Obama advisors lay out plan for new advocacy group

The West Front of the Capitol in Washington is dressed in red, white and blue ahed of the 57th Presidential Inauguration.
(J. Scott Applewhite / Associated Press)

WASHINGTON — The cavernous ballroom of the Washington Hilton had the feel of Old Home Week as hundreds of former campaign staff and volunteers for President Obama’s reelection bid assembled there Sunday morning, greeting each other with whoops and bear hugs and breaking out into intermittent chants of “Fired up? Ready to go!”

But the gathering, dubbed the Obama Campaign Legacy Conference, aimed to be more than a reunion for the on-the-ground organizers who helped build Obama’s grass-roots army.

As Obama took his official oath of office for a second term, top campaign officials exhorted activists to remain committed to their cause.


The vehicle: a new tax-exempt group called Organizing for Action — that will fight for the president’s legislative priorities. The group nods to its origins by borrowing the initials of the campaign’s formal “Obama for America” title.

“You guys changed American politics forever!” shouted campaign manager Jim Messina, who will serve as the unpaid chairman of the new organization.

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The group, largely volunteer-driven, will tackle issues such as gun control, climate change and immigration reform.

One of the immediate projects: spreading the word to people without health insurance about how they can get coverage under Obama’s healthcare overhaul.

“We are going to take this network and we are going finish some jobs we started in the first term,” said Jon Carson, a former White House official who left the administration to serve as the group’s executive director. “You passed the Affordable Care Act, and now it’s time to get 40 million people registered for insurance all across this country.”

He also vowed that the group would make “Republicans accountable for being climate change deniers, and we will go after them.”

And the organization plans to run ads in the congressional districts of lawmakers who have been endorsed by the National Rifle Assn, he said.

Carson cast the new OFA as a locally driven effort, and encouraged volunteers to organize chapters in their communities. He said chapters would have to raise their own money to get access to the campaign’s database -- an announcement that drew some shouts of disapproval from the audience.

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But he promised the organization would provide training for local OFA chapters and set up conference calls with administration officials and experts who could provide briefings on congressional rules and other topics.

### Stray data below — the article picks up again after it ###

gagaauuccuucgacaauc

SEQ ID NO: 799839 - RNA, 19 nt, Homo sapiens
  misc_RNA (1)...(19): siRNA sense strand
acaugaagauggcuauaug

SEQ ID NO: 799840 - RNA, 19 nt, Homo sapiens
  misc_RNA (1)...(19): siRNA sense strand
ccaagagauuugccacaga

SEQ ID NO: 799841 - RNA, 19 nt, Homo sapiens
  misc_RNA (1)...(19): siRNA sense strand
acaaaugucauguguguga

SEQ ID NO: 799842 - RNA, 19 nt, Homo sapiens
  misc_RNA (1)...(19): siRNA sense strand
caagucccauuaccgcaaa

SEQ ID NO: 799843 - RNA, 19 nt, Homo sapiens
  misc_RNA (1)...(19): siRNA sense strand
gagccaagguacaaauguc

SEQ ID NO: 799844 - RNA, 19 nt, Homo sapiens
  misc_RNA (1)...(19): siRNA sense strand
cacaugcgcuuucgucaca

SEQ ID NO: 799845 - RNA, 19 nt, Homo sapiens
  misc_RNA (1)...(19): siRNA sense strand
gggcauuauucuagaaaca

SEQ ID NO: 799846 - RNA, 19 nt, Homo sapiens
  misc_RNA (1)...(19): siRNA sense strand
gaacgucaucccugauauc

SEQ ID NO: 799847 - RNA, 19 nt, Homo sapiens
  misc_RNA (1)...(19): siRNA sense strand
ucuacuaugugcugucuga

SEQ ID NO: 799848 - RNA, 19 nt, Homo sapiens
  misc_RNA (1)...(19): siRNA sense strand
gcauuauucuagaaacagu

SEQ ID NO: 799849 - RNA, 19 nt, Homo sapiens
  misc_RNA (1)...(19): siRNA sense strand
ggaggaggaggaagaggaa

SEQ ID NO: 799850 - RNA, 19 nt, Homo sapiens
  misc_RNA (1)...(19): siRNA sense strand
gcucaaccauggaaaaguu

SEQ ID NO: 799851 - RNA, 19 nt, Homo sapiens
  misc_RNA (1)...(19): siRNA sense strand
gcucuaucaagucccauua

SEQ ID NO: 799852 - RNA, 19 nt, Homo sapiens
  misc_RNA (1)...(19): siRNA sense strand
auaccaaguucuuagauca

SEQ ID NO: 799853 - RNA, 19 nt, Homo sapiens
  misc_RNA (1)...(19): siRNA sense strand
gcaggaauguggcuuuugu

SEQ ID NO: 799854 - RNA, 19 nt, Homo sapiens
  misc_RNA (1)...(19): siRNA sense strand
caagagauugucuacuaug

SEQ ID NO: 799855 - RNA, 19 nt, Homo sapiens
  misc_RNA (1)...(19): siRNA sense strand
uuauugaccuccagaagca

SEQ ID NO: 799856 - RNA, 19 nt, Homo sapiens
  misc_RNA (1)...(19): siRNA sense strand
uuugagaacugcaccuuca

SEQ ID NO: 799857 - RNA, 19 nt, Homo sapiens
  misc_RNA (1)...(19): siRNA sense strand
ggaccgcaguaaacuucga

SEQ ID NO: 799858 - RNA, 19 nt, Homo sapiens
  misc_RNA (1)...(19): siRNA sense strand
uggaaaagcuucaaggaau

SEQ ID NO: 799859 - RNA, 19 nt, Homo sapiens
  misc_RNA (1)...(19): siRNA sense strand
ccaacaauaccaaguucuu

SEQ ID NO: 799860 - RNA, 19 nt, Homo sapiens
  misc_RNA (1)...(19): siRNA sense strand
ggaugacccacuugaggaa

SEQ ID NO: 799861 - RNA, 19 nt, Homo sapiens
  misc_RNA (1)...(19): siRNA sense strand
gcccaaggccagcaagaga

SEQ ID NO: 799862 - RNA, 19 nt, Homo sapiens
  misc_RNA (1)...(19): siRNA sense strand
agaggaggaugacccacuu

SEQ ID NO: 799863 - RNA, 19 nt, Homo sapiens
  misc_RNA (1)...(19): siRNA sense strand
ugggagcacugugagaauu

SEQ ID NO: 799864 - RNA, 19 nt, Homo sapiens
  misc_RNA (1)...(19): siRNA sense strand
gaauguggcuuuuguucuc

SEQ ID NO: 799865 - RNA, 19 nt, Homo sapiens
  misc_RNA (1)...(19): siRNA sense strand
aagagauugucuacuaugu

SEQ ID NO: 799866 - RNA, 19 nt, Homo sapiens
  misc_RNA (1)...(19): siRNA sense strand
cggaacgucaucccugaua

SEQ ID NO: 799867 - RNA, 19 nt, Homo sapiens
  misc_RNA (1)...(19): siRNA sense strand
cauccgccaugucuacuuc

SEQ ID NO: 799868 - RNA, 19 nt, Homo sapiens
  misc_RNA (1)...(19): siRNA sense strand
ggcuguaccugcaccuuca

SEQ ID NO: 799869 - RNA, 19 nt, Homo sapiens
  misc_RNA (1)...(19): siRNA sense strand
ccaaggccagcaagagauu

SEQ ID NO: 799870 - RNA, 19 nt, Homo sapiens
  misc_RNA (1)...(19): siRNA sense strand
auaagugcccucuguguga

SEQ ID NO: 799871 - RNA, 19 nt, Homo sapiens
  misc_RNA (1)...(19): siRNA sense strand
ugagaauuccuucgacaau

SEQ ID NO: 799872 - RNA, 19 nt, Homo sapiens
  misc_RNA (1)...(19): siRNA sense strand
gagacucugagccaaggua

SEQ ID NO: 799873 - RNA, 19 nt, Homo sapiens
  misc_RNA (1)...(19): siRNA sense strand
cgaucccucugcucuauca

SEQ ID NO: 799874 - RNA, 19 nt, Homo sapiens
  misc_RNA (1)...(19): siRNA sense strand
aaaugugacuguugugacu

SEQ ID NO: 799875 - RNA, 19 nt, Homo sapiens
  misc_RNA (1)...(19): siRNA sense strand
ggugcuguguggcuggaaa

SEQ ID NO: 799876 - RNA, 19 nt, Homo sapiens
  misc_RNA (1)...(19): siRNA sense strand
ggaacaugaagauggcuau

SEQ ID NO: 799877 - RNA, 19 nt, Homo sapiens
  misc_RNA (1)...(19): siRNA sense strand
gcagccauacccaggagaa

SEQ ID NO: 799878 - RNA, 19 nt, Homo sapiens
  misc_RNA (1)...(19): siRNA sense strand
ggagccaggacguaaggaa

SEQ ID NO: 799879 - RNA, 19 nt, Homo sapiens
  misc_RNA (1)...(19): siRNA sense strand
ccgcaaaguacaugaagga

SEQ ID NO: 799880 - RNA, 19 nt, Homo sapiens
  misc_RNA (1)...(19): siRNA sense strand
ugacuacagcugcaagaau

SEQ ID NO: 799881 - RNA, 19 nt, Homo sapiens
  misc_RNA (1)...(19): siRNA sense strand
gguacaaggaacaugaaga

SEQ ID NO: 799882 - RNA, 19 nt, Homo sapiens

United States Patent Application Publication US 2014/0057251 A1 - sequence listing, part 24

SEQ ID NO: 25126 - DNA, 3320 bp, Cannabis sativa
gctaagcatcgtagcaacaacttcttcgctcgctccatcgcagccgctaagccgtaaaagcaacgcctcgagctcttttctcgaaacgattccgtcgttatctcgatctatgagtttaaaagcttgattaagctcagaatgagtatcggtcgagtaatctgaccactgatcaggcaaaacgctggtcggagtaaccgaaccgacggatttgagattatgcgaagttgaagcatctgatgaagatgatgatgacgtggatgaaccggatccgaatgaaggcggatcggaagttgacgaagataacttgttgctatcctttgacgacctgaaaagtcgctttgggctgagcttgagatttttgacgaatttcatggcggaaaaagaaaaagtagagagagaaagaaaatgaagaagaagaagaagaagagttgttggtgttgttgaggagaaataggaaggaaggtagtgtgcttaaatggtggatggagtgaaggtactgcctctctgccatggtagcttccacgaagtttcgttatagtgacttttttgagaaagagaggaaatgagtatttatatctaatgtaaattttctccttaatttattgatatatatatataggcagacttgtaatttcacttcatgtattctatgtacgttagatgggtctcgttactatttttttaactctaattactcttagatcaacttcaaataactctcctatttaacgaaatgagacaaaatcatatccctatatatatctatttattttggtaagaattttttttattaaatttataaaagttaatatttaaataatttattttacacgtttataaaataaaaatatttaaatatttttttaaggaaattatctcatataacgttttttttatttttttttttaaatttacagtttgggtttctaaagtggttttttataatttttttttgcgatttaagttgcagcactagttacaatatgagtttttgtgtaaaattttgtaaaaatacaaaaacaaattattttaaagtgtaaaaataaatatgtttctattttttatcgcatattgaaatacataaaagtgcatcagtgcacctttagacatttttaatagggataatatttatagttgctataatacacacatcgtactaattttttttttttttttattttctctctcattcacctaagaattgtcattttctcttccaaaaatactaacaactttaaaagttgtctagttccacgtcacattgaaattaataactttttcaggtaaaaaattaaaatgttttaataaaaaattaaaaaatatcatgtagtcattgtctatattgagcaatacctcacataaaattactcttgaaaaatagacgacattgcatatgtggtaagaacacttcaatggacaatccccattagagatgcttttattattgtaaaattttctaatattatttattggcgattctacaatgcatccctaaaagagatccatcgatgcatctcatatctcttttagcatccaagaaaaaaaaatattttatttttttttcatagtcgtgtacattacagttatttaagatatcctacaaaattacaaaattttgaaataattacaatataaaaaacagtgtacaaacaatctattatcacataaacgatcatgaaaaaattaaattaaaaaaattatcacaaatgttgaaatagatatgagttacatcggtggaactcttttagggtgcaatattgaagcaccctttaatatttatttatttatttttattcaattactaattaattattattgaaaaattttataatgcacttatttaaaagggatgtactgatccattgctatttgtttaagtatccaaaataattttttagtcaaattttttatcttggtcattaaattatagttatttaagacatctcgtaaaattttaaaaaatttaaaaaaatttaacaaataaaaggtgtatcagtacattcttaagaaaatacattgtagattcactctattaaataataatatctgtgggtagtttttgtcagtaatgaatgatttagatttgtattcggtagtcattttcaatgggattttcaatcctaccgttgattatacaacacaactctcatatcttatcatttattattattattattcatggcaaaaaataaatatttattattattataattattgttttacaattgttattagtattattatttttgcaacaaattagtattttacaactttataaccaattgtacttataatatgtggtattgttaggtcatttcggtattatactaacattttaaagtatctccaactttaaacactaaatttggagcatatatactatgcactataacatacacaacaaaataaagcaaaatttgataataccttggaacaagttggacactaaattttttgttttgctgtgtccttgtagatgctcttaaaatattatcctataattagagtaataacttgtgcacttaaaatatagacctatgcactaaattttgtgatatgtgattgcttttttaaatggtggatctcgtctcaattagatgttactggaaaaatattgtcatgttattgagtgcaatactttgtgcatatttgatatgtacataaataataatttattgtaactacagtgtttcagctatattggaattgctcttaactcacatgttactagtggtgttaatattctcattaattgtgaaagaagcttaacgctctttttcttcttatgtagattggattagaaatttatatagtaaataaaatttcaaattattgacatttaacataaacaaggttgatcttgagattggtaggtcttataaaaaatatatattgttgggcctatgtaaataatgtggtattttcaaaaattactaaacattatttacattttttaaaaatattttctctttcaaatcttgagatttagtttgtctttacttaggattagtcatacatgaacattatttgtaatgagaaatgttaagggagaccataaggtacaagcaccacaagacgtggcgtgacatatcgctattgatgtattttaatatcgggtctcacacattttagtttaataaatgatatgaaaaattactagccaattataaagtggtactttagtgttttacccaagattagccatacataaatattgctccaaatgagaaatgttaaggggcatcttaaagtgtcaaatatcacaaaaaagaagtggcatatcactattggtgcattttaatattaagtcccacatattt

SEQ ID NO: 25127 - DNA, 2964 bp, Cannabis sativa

Over and over, campaign officials stressed the impact volunteers had on the campaign, revealing some of its historic accomplishments. Top among them: recruiting 2.2 million volunteers, 80% more than in 2008. Together, they made more than 150 million voter contacts through phone calls and door-knocking.

“We are the most powerful group in America,” declared Sara El-Amine, who organized Sunday’s gathering. “Our legacy is not an email list. It’s not a tech tool. It’s not an analytics model. Our legacy is you.”

Cathy Johns, a volunteer who helped organize her Toledo neighborhood, related to the crowd how her team had fended off GOP challenger Mitt Romney’s campaign in Ohio.

“Along the way, we realized we could do anything,” she said. “So with deepest respect, Mr. President – bring it on.”

After the election, more than 1 million volunteers participated in an online survey about what would keep them engaged. Nearly two-thirds said they wanted to work to pass Obama’s legislative agenda.

Whether the new OFA can sustain the dedication of those supporters remains an open question. A similar project set up after the 2008 campaign, housed at the time within the Democratic National Committee, was criticized by many Obama supporters for failing to effectively keep grass-roots supporters engaged.

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“I do understand it’s hard,” Messina acknowledged in his address. “It’s a different kind of organizing.… But if you look at issue organizing, we get to focus on people’s passions.”

The ambition of the new group heartened Sonia Prince, who served as a neighborhood team leader in Nashua, N.H.

“After 2008, there was a little bit of a lull there,” said Prince, 40, a financial coach. “That first year was kind of dead. I think they could have done a better job to keep everyone together. Because everyone was so fired up, and then it just ended. This time, if we keep them informed and we keep them talking about the topics at hand -- there’s more than just electing a president. You need a lot of people to push against the big lobby money.”

Prince, a mother of three, said she has already been working to toughen gun control measures in her community. But she will have less time available: After taking a year off from work to volunteer for the campaign, she is now getting back to her career.

“I gave up a year of salary for this,” she said. “As soon as we won the election, my job was like, are you coming back?”

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